Financial implications

Funding was provided in the 2010–11 Commonwealth Budget—$105.5 million over four years to establish national regulatory arrangements for the VET system including, $92.3 million over four years for the establishment of the NVR and $10.6 million over four years for the establishment of the National Standards Council.[24] The Budget also notes that consistent with existing state and territory practice the NVR will ‘initially be funded by partial cost recovery’ and will move to full cost recovery by 2014–15. It estimates that expenses will be partially offset by $50.4 million in revenue over the forward estimates to 2013–14. This would mean that the Government commitment for the NVR would have been $41.9 million.

The Explanatory Memorandum however says that ‘the NVR will have appropriations of $94.9m made available to it between commencement in 2011 and June 2014 and that it is expected that its cost recovery activities will return $39.9m to the Budget during over the period January 2011 and June 2014.[25]

Consistent with the Explanatory Memorandum information provided on the DEEWR web site refers to a commitment of $55 million over four years which will be in addition to fees received by the regulator for regulatory activities.[26]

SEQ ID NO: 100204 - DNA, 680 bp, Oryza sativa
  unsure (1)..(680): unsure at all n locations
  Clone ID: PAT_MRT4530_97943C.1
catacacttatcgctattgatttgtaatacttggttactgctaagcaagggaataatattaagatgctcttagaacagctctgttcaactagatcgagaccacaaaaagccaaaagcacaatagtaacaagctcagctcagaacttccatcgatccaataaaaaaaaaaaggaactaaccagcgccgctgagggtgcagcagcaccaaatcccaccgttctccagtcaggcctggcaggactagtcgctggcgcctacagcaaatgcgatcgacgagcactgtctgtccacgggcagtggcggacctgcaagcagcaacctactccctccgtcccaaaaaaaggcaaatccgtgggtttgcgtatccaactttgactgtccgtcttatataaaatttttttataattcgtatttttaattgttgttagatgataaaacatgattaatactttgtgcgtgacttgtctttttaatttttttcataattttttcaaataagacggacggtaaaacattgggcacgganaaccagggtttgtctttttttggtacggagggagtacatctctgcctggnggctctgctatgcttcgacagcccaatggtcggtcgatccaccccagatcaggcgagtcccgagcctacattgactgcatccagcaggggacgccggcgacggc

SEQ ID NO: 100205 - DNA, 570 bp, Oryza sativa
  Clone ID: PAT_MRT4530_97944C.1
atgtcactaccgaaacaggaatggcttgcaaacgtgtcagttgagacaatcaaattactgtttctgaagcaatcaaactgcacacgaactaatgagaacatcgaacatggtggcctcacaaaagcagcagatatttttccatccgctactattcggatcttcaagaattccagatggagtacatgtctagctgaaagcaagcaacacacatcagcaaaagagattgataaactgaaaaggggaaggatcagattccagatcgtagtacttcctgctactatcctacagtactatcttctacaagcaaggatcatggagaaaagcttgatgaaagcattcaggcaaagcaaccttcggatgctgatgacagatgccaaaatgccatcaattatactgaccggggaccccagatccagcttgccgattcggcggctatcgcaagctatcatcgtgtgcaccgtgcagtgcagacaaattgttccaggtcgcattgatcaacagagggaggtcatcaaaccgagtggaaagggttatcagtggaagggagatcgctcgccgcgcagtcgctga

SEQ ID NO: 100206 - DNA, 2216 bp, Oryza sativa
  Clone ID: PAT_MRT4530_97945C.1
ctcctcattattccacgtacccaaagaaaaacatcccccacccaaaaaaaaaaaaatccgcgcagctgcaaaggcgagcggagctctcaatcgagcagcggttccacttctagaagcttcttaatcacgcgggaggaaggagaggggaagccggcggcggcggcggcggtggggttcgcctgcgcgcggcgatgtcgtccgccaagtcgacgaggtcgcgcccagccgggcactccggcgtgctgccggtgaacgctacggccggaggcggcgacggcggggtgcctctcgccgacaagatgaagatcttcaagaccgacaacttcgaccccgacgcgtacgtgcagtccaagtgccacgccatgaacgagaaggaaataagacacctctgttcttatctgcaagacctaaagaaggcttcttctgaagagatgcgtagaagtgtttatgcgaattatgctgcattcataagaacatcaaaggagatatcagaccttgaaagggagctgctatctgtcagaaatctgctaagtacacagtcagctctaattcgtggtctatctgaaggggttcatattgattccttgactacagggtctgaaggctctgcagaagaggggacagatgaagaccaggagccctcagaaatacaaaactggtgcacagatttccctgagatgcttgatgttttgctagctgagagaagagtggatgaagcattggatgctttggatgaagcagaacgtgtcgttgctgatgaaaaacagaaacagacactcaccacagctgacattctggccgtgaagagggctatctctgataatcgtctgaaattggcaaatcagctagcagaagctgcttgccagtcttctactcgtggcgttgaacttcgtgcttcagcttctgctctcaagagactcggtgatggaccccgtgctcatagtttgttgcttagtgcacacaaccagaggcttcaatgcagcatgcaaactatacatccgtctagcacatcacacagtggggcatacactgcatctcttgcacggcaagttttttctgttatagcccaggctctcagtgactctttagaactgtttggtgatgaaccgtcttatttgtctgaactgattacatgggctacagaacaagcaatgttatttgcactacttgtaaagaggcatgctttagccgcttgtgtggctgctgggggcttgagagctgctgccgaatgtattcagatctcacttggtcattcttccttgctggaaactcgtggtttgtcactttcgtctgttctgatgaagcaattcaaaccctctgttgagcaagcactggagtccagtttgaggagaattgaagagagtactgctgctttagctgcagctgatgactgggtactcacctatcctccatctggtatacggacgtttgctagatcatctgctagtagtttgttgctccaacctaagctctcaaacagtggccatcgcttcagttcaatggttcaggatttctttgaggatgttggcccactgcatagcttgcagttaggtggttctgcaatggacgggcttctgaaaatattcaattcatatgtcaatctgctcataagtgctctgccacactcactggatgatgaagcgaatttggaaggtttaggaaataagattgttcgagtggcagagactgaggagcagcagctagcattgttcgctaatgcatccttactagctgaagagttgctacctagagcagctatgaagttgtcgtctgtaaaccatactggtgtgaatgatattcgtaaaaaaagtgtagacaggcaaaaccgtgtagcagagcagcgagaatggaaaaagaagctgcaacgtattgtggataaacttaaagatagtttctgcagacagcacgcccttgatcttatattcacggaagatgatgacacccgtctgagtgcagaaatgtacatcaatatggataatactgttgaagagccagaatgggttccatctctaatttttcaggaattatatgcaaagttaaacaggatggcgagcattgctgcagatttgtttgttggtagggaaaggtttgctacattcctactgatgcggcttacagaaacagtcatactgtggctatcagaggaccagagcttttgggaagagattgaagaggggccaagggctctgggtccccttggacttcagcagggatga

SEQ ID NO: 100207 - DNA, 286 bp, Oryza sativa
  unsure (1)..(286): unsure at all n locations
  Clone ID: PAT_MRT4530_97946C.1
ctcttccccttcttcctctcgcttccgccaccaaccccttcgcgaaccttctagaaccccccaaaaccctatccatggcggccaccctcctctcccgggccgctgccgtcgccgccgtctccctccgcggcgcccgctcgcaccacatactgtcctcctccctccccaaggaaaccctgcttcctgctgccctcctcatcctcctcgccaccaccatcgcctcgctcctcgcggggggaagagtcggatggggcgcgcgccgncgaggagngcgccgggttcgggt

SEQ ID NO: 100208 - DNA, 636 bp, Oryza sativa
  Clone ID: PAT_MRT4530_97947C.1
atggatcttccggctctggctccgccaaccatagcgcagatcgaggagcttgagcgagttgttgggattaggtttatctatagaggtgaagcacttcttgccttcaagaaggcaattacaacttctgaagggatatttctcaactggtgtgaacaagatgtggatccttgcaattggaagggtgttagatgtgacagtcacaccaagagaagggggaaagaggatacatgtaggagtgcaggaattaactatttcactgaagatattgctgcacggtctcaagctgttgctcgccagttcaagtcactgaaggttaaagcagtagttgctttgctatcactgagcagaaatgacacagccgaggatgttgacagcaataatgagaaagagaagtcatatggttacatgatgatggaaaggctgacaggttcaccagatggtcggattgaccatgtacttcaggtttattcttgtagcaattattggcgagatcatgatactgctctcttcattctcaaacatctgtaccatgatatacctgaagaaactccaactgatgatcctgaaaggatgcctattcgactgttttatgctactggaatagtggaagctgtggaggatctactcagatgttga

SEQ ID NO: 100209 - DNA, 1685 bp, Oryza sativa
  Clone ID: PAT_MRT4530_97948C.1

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Main issues

There appears to be widespread stakeholder support and state and territory government support, albeit with the WA and Victorian caveats, for the establishment of the NVR. At the federal level there also appears to be bipartisan support.[27]

However, not surprisingly, given the complexity of transitioning to the new arrangements and the ongoing task of working through the detail, there are reports of various concerns about its implementation.

Funding and costs

Though there are likely to be savings for the states from their referral of powers and functions to the NVR, the apparently revised federal budget figures (see financial implications section) and reported concerns by the NVR interim Chair, raise questions about the adequacy of the NVR’s funding to meet its ‘stronger investigative and analysis’ functions. [28] With the expectation of full cost recovery by 2014 and a fee structure for services yet to be developed and approved by the Ministerial Council for Tertiary Education and Employment (MCTEE), there has been speculation that fees in some states are likely to rise.[29] There was early speculation that the reason Victoria may have refused to refer its powers was that it wanted to be confident that there was to be adequate funding.[30]